Shaving is a fact of life for everyone these days, men, women, animals just before they get stitches, and yes, sometimes it can feel like a terrible chore. Especially if like some of us, the hair that covers your body makes you suspect that you're either a werewolf or a distant relative of Chewbacca.
For the most part, though, shaving is great, it makes you more aerodynamic, less hair means that you're cooler in the summer and let's be honest, you are lying if you haven't ever in your life just stroked a freshly shaved leg, basking in its smoothness. Smooth, silky skin, that is the aim of the game, however, there are eight common shaving mistakes that are doing your skin more harm than good. So let's get down to business, it's time to stop all of these bad shaving habits and become ruler of the razor once more.
It doesn't matter if you're in a rush or that you've run out shaving foam, there is no excuse for dry shaving, so grab some of your conditioner, it doesn't matter if it's from the dollar store or if it's 52 dollars an ounce, just slap some on your skin and away we go! Shaving without lubrication will always lead to razor burn and shaving rashes, seriously, if you literally cannot find anything else, for the sake of your poor skin, just use water.
Rushing the Razor
Rushing when you're shaving is stupid at best and hazardous at worst. When you're speeding through your shaving routine, you're paying less attention, which means more cuts and scrapes. This is the last thing you need when you're trying to sort out your bikini line because that's dangerous at the best of times! You'll probably even forget a huge important area, leaving a big hairy patch on an otherwise smooth skin. Take it from us, slow, even, deliberate strokes are best.
Not Rinsing the Blade
This is another problem that seems to happen when you're either a) in a rush, or b) not paying any attention to the task at hand. The razor blades get clogged up if they aren't rinsed between every couple of strokes, which means they won't be as efficient, forcing you to apply too much pressure to the skin. Which means as you guessed it, more chances for razor burn. Yay.
Another thing to mention here is soap, another reason that the blades get clogged up, stick to using baby oil or conditioner in a pinch. Soap really isn't an appropriate alternative.
Heavy Handed Shaving
Being forceful with the razor creates more problems, the extra pressure on the skin creates uneven skin, which in turn leads to more cuts, rashes, and razor burns. Worst of all, pressing down on the skin like that can even lead to the demon known as ingrown hairs.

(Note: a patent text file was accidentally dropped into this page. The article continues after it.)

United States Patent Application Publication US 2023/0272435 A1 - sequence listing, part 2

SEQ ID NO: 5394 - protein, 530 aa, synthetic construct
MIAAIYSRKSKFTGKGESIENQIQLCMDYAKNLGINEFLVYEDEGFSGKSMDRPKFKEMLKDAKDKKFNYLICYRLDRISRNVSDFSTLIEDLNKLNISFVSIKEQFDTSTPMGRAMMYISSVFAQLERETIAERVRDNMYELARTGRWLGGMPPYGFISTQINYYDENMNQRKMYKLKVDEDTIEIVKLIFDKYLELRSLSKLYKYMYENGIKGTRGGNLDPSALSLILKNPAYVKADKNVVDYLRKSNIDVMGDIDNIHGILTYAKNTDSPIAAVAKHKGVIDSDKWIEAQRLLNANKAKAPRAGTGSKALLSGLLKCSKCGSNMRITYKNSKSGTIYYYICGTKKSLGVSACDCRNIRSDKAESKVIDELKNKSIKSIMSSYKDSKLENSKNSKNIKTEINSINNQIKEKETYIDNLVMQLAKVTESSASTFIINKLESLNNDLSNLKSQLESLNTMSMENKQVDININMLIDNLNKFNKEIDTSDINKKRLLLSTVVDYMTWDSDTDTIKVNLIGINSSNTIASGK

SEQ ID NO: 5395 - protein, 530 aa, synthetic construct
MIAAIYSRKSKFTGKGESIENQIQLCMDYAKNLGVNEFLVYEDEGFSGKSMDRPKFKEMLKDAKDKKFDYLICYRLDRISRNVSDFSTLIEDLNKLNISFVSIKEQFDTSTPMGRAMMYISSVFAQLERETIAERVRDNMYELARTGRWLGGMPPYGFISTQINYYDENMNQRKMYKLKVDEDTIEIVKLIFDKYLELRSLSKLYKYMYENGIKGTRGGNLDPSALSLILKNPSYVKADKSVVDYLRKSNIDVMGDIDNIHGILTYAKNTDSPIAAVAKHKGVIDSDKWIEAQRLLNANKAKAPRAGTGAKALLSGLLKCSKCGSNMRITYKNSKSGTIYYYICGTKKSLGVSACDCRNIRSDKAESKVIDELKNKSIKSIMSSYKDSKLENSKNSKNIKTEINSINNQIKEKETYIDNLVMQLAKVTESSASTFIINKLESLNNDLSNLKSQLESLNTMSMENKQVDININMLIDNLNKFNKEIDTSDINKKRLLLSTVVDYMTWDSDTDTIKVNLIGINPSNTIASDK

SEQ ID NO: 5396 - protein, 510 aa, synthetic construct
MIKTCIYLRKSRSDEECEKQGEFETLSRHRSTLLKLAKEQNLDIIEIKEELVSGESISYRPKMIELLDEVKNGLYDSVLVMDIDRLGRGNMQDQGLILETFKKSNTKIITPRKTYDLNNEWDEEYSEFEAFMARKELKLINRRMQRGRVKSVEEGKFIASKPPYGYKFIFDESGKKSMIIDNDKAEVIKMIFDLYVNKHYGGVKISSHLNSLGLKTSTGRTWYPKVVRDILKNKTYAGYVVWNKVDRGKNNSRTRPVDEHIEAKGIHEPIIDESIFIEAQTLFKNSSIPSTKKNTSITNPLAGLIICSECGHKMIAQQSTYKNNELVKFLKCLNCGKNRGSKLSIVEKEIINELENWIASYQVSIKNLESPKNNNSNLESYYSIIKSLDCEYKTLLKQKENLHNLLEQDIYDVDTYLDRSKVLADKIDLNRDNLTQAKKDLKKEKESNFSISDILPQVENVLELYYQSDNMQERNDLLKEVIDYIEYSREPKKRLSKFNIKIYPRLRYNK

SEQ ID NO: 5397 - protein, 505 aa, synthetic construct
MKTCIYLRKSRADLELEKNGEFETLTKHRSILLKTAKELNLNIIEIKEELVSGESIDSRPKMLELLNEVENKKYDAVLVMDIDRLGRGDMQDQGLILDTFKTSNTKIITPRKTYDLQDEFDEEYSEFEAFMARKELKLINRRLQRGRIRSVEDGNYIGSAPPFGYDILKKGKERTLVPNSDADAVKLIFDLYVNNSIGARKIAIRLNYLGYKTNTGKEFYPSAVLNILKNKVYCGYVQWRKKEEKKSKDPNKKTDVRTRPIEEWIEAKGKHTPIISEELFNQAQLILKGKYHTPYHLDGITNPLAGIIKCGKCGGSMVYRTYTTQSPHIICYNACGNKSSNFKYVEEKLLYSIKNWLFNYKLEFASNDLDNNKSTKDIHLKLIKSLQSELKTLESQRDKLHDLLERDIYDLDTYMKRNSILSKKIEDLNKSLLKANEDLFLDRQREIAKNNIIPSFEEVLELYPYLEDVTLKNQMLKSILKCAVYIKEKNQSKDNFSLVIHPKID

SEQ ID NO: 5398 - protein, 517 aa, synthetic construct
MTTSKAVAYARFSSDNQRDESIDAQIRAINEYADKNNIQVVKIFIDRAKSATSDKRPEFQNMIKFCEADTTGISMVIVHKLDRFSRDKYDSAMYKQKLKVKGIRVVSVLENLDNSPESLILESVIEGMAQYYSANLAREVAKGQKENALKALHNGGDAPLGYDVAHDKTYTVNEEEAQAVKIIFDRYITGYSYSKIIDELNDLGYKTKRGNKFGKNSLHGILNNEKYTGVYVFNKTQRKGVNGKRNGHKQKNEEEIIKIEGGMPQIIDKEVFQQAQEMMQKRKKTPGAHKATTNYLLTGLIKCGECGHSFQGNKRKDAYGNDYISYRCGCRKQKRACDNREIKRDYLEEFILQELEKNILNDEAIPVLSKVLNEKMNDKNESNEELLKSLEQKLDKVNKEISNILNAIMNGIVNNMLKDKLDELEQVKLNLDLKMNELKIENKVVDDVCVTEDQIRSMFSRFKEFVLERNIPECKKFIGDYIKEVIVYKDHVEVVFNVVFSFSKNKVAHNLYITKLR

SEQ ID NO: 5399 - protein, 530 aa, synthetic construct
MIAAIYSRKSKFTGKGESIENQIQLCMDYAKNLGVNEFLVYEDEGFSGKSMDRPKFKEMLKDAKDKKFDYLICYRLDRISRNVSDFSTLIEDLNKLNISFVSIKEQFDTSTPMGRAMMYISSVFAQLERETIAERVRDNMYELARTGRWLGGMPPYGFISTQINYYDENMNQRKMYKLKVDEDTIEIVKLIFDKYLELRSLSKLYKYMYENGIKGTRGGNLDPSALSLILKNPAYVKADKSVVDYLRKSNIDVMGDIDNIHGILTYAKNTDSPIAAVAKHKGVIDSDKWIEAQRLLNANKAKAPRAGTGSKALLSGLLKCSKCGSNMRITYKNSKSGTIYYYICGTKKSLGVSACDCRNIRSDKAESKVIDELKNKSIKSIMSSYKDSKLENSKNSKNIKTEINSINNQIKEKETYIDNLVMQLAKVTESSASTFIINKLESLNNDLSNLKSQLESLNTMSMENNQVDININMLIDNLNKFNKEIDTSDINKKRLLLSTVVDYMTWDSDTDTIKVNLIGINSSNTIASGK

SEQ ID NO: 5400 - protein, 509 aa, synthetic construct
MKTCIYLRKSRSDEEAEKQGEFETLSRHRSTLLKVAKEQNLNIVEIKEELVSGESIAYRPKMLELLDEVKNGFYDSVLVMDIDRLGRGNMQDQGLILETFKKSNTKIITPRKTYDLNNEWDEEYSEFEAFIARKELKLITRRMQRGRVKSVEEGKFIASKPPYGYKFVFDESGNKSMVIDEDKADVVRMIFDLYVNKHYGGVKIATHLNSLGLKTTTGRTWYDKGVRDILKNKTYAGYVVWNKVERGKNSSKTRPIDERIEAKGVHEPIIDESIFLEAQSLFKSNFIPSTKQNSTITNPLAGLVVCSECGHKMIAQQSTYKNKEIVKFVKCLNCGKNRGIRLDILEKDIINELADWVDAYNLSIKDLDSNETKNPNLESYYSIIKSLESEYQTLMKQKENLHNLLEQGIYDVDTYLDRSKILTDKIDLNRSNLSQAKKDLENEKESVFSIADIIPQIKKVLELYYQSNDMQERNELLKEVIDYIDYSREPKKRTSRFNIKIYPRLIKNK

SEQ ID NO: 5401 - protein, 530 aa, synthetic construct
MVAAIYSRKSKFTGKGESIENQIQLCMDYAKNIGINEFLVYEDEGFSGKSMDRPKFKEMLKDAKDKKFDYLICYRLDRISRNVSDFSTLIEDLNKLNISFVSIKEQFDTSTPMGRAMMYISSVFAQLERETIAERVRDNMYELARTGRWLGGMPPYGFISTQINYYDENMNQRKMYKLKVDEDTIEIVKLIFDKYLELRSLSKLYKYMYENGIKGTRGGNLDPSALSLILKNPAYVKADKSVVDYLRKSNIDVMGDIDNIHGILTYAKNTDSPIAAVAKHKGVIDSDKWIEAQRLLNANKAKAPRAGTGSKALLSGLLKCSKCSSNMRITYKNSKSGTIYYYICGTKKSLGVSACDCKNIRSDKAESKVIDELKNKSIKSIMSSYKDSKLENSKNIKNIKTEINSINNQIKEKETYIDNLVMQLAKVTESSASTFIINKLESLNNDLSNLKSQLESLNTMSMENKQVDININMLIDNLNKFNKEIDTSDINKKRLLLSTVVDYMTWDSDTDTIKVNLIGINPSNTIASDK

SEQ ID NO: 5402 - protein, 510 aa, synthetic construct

Shaving the Wrong Way
This is a mistake that most people don't realize they're doing. Sure, shaving against the direction of the hair gives you a closer shave, but it is causing a lot of damage to your skin too. Firstly it's not even that much closer than shaving the other way, but it can cause serious pain. Which is not that great a trade when you think about it. Secondly, this is especially bad for those of you with sensitive skin, leading to more razor burns, rashes and such. Thirdly, going against the grain can force the blunt hairs to grow back into the skin, instead of out, like they should.
When it comes to certain areas of the body less is definitely more, especially when it comes to your armpits. Studies show that women shave their underarms with ten strokes or more, which is far, far too much. You're shaving your armpits, not peeling potatoes, okay. Over shaving can lead to sore and dry skin, razor burns and skin rashes.
Not Disposing the Disposable
Disposable razors are just that, disposable. Blunt razors are more likely to cause skin irritation, razor bumps, and cuts. Furthermore, they are the perfect breeding ground for bacteria, which in addition, can lead to serious infections. If you're shaving your pits, bits or wherever every day, then you'll need to replace your razor once a week. Remember blunt blades plus bacteria is bad, very very bad.
The Electric Shaver
To be clear, electric razors are only useful when they are shearing sheep and aren't very practical when it comes to removing the hair from humans. Electric razors have blades that rotate, these rotating blades do not help with the hair really, they flatten it, making it more likely that they will be ingrown. Whereas traditional razors get closer to the skin, shaving hairs and helping to remove dead skin leaving it silky smooth.
Have you ever heard the term, "prevention is better than cure?" Well, this is why preparation is so important. Exfoliating before shaving removes dead skin cells. It also cleanses and softens the skin. Remember, you want a relatively smooth base for the sake of your legs, and your razor, as an uneven surface causes many problems.
Just like exfoliating beforehand, moisturizing is an essential part of the shaving routine. Moisturizer should be applied when the skin is still damp, thus retaining all of that much need moisture. Or if you would prefer, baby oil is an increasingly popular option for post-wash skin hydration. The skin can get so dry between the combination of shaving and exfoliating that locking in moisture is the perfect option to ensuring that skin is protected.